The chemical groups, conventionally in use today are synthetic pyrethroids, organophosphates and carbamates. Pyrethroid insecticides are generally most effective and more stable than organophosphates (Casida, 1980). They are characterised by high knockdown and lethal activity, a wide spectrum, good residual activity, together with repellent and anti-feeding activity. With these characteristics, pyrethroid insecticides have become widely used for plant protection. Their major use has been for the control of bollworms and leafworms in cotton but they have also achieved widespread use for controlling various species of lepidopterous pests in fruits and vegetables, aphids in cereals, and many other minor outlets. They are also used in animal health and public health capacities. Although the early synthetic pyrethroids suffered from a lack of activity against mites and soil pests, later additions, such as fenpropathrin, have combined high acaricidal activity with insecticidal activity and further pyrethroids are being introduced for use in soil. The extent of pyrethroid use has increased progressively since the first of the ‘photostable’ pyrethroids was registered in 1974. In 1986, the market share of pyrethroids reached 25% of the total insecticide market for plant protection; this figure can be increased in the future (Hirano, 2006).

Pesticides in India

The promotion of High Yielding Varieties that marked the green revolution has led to large scale use of chemicals as pesticides. Increase in the use of chemicals as pesticides can result in various health and environmental problems like pesticides poisoning of farmers and farm workers, cardiopulmonary, neurological and skin disorders, fetal deformities, miscarriages, lowering the sperm count of applicators, etc. (Abhilash and Singh, 2009). Indian pesticide industry is the fourth largest in the world. Of the total market, around 75 percent is accounted by insecticides. At present, India is the largest producer of pesticides in Asia and ranks twelfth in the world for the use of pesticides with an annual production of 90,000 tonnes (Chitra et al., 2006). According to Mr. Pradeep Dave, President, PMFAI, and Chairman and Managing Director, Aimco Pesticides Ltd., “Pesticides consumption in India is low, less than 800 gm per acre against 16 kg per acre in the U.S. We want the government machinery to educate farmer sabout the use of pesticides through scientific programmes. All over the world better crop protection is used and here the government discourages the use of pesticides (Rosenberg, 2004). Over the past decade, high prices of HYV cotton crops encouraged tens of thousands of small and marginal farmers in the region to shift from traditional food crops to cotton. Shift to the cotton meant costly investments in seeds, fertilisers and pesticides which were possible for the small peasants of Telangana only through loans typically secured with their land or the gold ornaments of their wives. Now, in thousands of homes, dreams lie shattered amidst the ruin of thousands of families. A pall of despair and shock lies over the region today, where at least 180 debt ridden cotton farmers committed suicide in a short spell of just three months (Katti, 2012). The food we eat today contains a concoction of banned and restricted chemicals like DDT, benzene hex chloride (BHC), aldrin, dieldrin, lindane and many others that result in functional disorder and disease. It all began with the Green Revolution, which saw indiscriminate use of chemical fertilisers and pesticides. It left behind enormous toxic loads of contaminants in the environment, which eventually found their way into humans through the food chain (Reilly, 2008).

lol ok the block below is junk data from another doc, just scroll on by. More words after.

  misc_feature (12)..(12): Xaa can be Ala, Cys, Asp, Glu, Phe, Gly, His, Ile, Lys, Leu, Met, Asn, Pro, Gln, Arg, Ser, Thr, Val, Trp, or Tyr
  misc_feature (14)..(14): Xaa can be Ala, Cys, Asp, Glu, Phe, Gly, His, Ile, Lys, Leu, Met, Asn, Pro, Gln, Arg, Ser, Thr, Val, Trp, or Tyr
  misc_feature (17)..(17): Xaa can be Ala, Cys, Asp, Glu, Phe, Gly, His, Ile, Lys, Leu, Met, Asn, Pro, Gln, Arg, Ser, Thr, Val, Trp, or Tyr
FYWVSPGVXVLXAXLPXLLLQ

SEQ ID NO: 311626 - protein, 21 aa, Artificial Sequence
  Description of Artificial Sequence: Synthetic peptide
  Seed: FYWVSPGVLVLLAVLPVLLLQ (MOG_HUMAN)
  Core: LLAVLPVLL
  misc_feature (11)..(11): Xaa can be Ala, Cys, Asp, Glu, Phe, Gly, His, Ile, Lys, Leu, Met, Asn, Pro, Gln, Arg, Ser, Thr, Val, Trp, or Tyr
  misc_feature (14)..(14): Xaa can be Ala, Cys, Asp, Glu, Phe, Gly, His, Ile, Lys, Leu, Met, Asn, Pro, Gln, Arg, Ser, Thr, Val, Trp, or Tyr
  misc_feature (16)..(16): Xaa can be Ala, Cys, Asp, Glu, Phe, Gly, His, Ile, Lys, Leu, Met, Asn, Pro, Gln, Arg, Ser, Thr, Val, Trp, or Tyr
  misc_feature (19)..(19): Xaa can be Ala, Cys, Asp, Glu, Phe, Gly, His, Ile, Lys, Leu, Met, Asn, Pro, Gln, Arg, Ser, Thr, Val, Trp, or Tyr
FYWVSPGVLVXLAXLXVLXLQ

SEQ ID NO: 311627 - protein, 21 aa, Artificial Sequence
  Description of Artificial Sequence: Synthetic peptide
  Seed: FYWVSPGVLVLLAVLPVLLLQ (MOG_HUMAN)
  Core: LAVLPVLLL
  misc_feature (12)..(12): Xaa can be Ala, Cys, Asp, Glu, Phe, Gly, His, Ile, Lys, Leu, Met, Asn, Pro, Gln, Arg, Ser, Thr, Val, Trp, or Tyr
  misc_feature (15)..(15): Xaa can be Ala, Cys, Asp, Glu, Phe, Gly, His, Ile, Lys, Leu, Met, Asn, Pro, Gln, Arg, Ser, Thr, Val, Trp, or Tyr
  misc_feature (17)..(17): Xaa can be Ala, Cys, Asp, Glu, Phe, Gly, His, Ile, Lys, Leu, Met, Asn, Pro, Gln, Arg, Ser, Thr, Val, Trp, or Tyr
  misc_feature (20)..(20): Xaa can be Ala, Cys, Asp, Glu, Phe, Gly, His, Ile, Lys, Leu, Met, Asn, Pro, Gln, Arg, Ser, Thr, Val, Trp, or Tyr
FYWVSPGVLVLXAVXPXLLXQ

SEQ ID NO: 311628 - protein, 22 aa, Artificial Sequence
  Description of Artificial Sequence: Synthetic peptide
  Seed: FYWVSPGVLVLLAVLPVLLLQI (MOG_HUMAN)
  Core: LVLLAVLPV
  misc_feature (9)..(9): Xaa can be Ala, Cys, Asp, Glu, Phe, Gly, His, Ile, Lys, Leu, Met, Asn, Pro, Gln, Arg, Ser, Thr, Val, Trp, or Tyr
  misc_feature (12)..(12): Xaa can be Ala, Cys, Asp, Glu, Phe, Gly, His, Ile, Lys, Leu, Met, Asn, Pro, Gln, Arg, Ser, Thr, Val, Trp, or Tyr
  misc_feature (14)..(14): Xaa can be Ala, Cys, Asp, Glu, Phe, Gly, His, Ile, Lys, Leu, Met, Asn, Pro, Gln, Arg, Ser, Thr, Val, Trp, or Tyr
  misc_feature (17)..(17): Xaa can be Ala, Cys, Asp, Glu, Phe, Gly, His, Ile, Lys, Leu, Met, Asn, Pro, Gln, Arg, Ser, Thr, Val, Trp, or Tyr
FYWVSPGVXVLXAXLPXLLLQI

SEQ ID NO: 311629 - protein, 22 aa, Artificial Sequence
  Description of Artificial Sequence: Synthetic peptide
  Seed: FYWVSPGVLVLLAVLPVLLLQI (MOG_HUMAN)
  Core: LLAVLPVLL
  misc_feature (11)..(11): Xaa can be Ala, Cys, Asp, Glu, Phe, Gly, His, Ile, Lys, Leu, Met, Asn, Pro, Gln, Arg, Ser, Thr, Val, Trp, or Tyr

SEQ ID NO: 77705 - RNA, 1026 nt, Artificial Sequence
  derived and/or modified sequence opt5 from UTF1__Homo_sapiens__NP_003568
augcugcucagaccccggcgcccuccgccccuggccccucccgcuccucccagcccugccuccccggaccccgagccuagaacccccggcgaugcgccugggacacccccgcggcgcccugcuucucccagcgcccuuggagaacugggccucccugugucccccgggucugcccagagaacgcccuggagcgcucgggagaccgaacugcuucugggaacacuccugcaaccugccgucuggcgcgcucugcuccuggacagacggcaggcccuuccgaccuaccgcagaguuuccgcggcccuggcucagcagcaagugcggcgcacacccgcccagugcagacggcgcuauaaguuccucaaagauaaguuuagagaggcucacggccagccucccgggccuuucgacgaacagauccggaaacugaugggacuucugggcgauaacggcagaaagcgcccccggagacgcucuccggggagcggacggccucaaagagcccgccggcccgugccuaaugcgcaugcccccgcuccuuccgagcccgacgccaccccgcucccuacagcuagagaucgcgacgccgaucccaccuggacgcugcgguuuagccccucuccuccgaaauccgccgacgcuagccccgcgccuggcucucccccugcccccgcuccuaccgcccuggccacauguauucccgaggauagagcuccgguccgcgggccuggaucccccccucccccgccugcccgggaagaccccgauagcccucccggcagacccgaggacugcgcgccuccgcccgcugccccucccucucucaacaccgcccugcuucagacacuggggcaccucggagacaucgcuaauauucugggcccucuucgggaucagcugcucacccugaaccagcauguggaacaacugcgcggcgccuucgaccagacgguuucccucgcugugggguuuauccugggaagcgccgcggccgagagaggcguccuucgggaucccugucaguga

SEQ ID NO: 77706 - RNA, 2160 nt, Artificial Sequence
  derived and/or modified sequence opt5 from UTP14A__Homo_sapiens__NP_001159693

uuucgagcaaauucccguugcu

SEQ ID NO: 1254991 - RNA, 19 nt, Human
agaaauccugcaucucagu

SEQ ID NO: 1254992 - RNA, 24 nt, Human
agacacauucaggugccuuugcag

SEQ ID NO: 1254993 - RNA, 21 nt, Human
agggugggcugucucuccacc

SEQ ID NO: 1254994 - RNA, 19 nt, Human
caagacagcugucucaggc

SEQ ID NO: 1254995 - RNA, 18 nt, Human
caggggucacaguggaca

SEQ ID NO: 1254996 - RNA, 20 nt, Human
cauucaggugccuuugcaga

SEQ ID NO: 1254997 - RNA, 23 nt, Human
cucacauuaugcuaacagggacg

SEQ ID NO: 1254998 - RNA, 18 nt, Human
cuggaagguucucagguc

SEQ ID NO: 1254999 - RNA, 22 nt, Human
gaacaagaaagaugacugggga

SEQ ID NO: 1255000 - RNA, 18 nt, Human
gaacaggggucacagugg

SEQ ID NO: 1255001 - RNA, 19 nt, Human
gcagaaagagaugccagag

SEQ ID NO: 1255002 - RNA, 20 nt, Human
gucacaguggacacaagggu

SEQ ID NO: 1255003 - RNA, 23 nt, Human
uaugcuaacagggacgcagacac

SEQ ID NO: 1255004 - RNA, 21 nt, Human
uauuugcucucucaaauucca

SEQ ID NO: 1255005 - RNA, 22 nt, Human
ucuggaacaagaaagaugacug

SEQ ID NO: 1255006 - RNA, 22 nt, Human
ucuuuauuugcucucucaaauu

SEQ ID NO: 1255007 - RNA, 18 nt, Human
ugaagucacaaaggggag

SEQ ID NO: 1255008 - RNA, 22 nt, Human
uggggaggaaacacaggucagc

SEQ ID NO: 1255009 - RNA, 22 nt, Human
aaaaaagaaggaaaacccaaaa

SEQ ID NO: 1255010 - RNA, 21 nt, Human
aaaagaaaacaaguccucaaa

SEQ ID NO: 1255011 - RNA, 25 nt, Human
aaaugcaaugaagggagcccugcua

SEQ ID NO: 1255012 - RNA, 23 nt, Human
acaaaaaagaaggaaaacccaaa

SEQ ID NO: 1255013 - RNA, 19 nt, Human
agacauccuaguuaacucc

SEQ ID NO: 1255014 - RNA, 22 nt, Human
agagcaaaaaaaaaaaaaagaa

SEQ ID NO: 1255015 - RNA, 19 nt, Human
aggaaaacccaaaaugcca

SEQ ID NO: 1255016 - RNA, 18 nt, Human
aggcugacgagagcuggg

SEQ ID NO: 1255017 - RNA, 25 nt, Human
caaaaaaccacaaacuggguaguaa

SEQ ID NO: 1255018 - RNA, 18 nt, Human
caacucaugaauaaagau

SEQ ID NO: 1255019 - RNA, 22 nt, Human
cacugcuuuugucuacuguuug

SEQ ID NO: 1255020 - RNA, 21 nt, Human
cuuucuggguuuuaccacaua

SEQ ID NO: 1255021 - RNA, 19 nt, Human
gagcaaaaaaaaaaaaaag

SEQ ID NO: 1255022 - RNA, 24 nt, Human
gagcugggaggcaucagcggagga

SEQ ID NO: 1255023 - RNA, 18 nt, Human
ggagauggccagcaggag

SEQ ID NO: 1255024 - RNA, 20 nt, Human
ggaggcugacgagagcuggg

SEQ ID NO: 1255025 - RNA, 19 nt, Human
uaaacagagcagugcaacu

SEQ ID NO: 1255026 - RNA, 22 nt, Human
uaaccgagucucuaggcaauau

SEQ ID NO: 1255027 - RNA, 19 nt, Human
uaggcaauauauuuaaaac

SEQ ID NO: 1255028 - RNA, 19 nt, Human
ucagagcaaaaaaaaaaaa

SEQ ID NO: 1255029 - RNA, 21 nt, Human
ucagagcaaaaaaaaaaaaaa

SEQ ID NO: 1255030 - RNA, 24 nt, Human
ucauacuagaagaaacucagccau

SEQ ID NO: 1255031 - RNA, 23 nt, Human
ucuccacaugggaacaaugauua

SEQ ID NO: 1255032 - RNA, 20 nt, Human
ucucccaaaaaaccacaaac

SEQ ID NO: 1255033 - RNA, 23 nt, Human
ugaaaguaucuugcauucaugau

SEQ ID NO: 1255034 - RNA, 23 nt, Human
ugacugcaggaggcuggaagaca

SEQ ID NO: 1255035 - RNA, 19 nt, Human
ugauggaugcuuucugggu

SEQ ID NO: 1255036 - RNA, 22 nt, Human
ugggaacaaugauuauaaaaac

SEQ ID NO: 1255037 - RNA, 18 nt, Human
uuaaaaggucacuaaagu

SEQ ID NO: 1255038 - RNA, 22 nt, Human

Impact of Pesticides